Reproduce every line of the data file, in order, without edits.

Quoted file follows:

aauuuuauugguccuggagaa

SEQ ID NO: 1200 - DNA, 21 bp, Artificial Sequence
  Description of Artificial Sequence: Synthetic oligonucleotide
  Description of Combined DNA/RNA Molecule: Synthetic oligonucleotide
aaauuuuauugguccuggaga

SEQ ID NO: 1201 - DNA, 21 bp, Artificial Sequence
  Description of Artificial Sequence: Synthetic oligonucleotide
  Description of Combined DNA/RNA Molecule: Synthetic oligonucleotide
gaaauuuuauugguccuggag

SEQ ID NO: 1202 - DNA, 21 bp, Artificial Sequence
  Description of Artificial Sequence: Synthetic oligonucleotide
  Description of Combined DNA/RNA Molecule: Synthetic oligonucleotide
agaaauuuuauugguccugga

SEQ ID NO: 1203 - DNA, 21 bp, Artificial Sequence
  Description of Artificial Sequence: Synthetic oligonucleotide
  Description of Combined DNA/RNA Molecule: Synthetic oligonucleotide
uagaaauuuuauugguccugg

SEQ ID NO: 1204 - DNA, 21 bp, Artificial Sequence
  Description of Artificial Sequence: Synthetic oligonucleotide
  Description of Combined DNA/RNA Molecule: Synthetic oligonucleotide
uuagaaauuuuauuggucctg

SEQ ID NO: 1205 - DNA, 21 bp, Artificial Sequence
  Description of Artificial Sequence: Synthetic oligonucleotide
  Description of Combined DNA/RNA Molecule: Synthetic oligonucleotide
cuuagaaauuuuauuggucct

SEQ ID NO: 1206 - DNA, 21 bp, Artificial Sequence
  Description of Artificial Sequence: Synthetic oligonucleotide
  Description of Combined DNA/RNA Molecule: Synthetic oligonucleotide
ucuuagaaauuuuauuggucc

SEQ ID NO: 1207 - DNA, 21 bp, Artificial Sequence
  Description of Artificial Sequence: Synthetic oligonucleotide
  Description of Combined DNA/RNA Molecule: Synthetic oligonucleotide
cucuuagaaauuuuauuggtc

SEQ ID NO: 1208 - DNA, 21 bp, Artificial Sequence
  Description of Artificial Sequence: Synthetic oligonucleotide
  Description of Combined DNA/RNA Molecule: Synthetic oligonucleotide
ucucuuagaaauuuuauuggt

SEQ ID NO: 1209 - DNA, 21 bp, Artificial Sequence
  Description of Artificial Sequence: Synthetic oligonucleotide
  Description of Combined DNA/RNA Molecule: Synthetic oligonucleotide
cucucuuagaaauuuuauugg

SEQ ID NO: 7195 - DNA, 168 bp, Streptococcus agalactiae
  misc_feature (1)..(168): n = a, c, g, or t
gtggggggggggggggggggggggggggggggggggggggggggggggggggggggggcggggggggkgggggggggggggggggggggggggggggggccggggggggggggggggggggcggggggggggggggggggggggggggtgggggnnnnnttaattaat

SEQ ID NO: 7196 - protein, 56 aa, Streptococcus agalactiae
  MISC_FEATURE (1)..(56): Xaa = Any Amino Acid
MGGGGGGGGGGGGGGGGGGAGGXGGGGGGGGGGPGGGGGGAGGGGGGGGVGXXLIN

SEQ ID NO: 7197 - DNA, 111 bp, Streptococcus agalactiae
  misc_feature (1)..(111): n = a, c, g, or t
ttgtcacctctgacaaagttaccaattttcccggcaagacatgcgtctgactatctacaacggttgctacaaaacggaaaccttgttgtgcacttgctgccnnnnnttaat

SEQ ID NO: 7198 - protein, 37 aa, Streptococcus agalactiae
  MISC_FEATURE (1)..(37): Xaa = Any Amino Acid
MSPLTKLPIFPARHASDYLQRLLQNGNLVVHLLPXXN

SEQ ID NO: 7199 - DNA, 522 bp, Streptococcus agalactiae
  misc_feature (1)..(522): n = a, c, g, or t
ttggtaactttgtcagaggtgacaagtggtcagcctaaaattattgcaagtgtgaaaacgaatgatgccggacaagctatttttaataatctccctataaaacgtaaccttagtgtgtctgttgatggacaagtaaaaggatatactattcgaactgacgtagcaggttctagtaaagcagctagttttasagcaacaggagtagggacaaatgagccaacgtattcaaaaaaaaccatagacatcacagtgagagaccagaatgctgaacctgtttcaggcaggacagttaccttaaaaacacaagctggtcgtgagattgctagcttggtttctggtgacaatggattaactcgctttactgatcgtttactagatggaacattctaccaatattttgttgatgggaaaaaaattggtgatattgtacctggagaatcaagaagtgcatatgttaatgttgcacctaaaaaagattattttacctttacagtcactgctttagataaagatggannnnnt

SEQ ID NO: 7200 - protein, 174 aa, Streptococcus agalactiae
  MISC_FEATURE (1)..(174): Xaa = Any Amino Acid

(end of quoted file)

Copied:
aauuuuauugguccuggagaa

SEQ ID NO: 1200 - DNA, 21 bp, Artificial Sequence
  Description of Artificial Sequence: Synthetic oligonucleotide
  Description of Combined DNA/RNA Molecule: Synthetic oligonucleotide
aaauuuuauugguccuggaga

SEQ ID NO: 1201 - DNA, 21 bp, Artificial Sequence
  Description of Artificial Sequence: Synthetic oligonucleotide
  Description of Combined DNA/RNA Molecule: Synthetic oligonucleotide
gaaauuuuauugguccuggag

SEQ ID NO: 1202 - DNA, 21 bp, Artificial Sequence
  Description of Artificial Sequence: Synthetic oligonucleotide
  Description of Combined DNA/RNA Molecule: Synthetic oligonucleotide
agaaauuuuauugguccugga

SEQ ID NO: 1203 - DNA, 21 bp, Artificial Sequence
  Description of Artificial Sequence: Synthetic oligonucleotide
  Description of Combined DNA/RNA Molecule: Synthetic oligonucleotide
uagaaauuuuauugguccugg

SEQ ID NO: 1204 - DNA, 21 bp, Artificial Sequence
  Description of Artificial Sequence: Synthetic oligonucleotide
  Description of Combined DNA/RNA Molecule: Synthetic oligonucleotide
uuagaaauuuuauuggucctg

SEQ ID NO: 1205 - DNA, 21 bp, Artificial Sequence
  Description of Artificial Sequence: Synthetic oligonucleotide
  Description of Combined DNA/RNA Molecule: Synthetic oligonucleotide
cuuagaaauuuuauuggucct

SEQ ID NO: 1206 - DNA, 21 bp, Artificial Sequence
  Description of Artificial Sequence: Synthetic oligonucleotide
  Description of Combined DNA/RNA Molecule: Synthetic oligonucleotide
ucuuagaaauuuuauuggucc

SEQ ID NO: 1207 - DNA, 21 bp, Artificial Sequence
  Description of Artificial Sequence: Synthetic oligonucleotide
  Description of Combined DNA/RNA Molecule: Synthetic oligonucleotide
cucuuagaaauuuuauuggtc

SEQ ID NO: 1208 - DNA, 21 bp, Artificial Sequence
  Description of Artificial Sequence: Synthetic oligonucleotide
  Description of Combined DNA/RNA Molecule: Synthetic oligonucleotide
ucucuuagaaauuuuauuggt

SEQ ID NO: 1209 - DNA, 21 bp, Artificial Sequence
  Description of Artificial Sequence: Synthetic oligonucleotide
  Description of Combined DNA/RNA Molecule: Synthetic oligonucleotide
cucucuuagaaauuuuauugg

SEQ ID NO: 7195 - DNA, 168 bp, Streptococcus agalactiae
  misc_feature (1)..(168): n = a, c, g, or t
gtggggggggggggggggggggggggggggggggggggggggggggggggggggggggcggggggggkgggggggggggggggggggggggggggggggccggggggggggggggggggggcggggggggggggggggggggggggggtgggggnnnnnttaattaat

SEQ ID NO: 7196 - protein, 56 aa, Streptococcus agalactiae
  MISC_FEATURE (1)..(56): Xaa = Any Amino Acid
MGGGGGGGGGGGGGGGGGGAGGXGGGGGGGGGGPGGGGGGAGGGGGGGGVGXXLIN

SEQ ID NO: 7197 - DNA, 111 bp, Streptococcus agalactiae
  misc_feature (1)..(111): n = a, c, g, or t
ttgtcacctctgacaaagttaccaattttcccggcaagacatgcgtctgactatctacaacggttgctacaaaacggaaaccttgttgtgcacttgctgccnnnnnttaat

SEQ ID NO: 7198 - protein, 37 aa, Streptococcus agalactiae
  MISC_FEATURE (1)..(37): Xaa = Any Amino Acid
MSPLTKLPIFPARHASDYLQRLLQNGNLVVHLLPXXN

SEQ ID NO: 7199 - DNA, 522 bp, Streptococcus agalactiae
  misc_feature (1)..(522): n = a, c, g, or t
ttggtaactttgtcagaggtgacaagtggtcagcctaaaattattgcaagtgtgaaaacgaatgatgccggacaagctatttttaataatctccctataaaacgtaaccttagtgtgtctgttgatggacaagtaaaaggatatactattcgaactgacgtagcaggttctagtaaagcagctagttttasagcaacaggagtagggacaaatgagccaacgtattcaaaaaaaaccatagacatcacagtgagagaccagaatgctgaacctgtttcaggcaggacagttaccttaaaaacacaagctggtcgtgagattgctagcttggtttctggtgacaatggattaactcgctttactgatcgtttactagatggaacattctaccaatattttgttgatgggaaaaaaattggtgatattgtacctggagaatcaagaagtgcatatgttaatgttgcacctaaaaaagattattttacctttacagtcactgctttagataaagatggannnnnt

SEQ ID NO: 7200 - protein, 174 aa, Streptococcus agalactiae
  MISC_FEATURE (1)..(174): Xaa = Any Amino Acid